Could somebody please explain, why "We do not have to wait for her today" is not accepted. I do not see much of a difference between this sentence and the proposal "We are not supposed to wait for her today".
have to is basically the same as must, so a bit different meaning from be supposed to.
'we are not expected to wait for her today' is not accepted. I was just experimenting. It seems to me we are in the realm of social expectations, even ethics. In another language 'be expected' might be used. 'Not supposed' can mean 'forbidden'. But in English 'to be supposed' isn't always used as a social expectation, rather as a possibility, eg 'What was I supposed to do?'.
"We are not supposed to" gives the impression that someone told us not to. Is this the same impression that you get from "nemam"?
From my earlier comment: The construction mít-plus-infinitive generally translates as "to be supposed to" or "to be meant to." But since your question is a little nuanced, one of the Czech natives on the team may have something to add.
We should not.... would be Neměli bychom na ni .....
the sentence here is 'we are not supposed to', and that can translate to 'we are not to wait...'
No - "we are not to wait for her" is not acceptable in normal English (sixty years ago in an aristocratic milieu, maybe, but certainly not in any other context). "We are not supposed to wait for her" is ok. What's more, the difference between this sentence and "we shouldn't wait..." is almost non-existent. Finally, none of these three sentences is a natural utterance; you'd be much more likely to say "we're not waiting for her..." or "we don't have to wait for her..."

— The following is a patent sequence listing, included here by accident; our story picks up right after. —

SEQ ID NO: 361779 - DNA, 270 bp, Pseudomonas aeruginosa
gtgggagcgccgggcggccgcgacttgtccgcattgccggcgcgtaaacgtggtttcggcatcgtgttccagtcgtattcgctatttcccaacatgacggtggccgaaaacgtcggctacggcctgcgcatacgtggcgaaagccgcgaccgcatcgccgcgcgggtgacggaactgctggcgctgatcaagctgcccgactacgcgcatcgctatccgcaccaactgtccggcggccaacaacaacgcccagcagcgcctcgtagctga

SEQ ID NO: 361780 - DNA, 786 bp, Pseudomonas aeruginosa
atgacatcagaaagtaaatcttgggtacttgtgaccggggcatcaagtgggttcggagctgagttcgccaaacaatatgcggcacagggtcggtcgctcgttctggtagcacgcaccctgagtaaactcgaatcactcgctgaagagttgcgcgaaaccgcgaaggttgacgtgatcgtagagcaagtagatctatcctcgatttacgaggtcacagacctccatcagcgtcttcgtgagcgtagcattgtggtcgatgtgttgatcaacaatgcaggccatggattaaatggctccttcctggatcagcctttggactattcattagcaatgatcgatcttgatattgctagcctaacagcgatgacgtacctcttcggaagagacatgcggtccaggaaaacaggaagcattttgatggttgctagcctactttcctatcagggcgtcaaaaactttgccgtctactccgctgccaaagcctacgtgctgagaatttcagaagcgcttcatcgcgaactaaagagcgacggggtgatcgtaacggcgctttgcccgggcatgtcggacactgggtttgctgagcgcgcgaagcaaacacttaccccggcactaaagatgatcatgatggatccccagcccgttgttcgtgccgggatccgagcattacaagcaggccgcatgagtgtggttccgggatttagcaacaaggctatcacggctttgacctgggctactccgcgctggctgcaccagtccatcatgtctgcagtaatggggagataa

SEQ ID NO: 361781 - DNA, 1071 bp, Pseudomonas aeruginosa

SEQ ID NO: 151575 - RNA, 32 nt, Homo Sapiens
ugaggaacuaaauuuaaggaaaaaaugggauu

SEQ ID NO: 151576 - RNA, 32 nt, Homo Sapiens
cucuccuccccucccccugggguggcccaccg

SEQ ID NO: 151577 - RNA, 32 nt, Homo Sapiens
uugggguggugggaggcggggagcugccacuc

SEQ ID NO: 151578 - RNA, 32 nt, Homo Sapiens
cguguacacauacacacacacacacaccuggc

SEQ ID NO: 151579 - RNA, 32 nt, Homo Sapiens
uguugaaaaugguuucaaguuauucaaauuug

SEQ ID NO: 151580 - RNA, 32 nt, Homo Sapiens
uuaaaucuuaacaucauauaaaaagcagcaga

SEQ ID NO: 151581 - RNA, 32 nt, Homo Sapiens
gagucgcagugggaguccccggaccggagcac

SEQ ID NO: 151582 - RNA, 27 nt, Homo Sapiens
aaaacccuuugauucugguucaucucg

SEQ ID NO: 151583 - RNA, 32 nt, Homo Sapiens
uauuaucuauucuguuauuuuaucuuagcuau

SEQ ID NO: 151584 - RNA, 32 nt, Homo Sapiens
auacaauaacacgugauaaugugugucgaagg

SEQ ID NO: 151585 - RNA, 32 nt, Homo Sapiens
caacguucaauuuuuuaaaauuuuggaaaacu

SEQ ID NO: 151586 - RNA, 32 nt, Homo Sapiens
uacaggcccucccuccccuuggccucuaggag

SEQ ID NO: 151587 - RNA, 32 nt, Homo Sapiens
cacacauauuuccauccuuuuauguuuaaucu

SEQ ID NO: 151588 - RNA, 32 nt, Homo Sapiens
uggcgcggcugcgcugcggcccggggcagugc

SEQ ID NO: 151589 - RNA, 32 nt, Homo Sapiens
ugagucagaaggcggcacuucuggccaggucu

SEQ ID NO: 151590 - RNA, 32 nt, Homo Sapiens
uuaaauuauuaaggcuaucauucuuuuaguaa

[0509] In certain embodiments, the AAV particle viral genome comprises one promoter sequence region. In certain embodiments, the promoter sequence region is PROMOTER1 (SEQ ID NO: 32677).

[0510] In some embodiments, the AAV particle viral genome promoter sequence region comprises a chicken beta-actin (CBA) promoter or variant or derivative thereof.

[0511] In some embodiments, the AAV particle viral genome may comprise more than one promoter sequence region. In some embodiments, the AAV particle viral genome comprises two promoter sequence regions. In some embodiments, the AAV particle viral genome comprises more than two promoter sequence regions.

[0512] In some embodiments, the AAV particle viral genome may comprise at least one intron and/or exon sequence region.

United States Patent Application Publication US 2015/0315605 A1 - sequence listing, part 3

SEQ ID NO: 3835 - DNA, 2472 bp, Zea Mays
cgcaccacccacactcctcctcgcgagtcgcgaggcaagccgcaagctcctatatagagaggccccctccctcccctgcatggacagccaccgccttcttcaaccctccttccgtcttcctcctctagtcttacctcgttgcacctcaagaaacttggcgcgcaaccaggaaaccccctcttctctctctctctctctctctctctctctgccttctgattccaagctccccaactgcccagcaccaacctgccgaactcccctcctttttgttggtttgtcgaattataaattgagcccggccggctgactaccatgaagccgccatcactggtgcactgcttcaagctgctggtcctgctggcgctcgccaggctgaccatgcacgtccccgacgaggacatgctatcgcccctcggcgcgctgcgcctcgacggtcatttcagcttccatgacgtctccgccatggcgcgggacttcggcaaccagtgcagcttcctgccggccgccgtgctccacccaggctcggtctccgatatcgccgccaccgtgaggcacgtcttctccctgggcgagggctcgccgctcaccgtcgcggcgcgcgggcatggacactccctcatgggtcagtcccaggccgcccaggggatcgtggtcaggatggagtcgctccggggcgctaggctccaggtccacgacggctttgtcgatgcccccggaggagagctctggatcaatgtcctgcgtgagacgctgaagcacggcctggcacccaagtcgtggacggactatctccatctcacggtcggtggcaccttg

I'm sorry, but I disagree. "We are not to wait for her" is completely acceptable in the English I'm very familiar with: American English, at least from the Eastern part of the United States.
It sounds fine to me, too, and it implies some external instruction not to wait, whereas 'we shouldn't wait' could be entirely for our own reasons.
My translation “ we needn’t wait for her today “ wasn’t accepted. I can’t think why.
The construction mít-plus-infinitive generally translates as "to be supposed to" or "to be meant to." They have a somewhat different meaning than "to need to." Translations using "need" are not accepted, because that is closer to the verb potřebovat.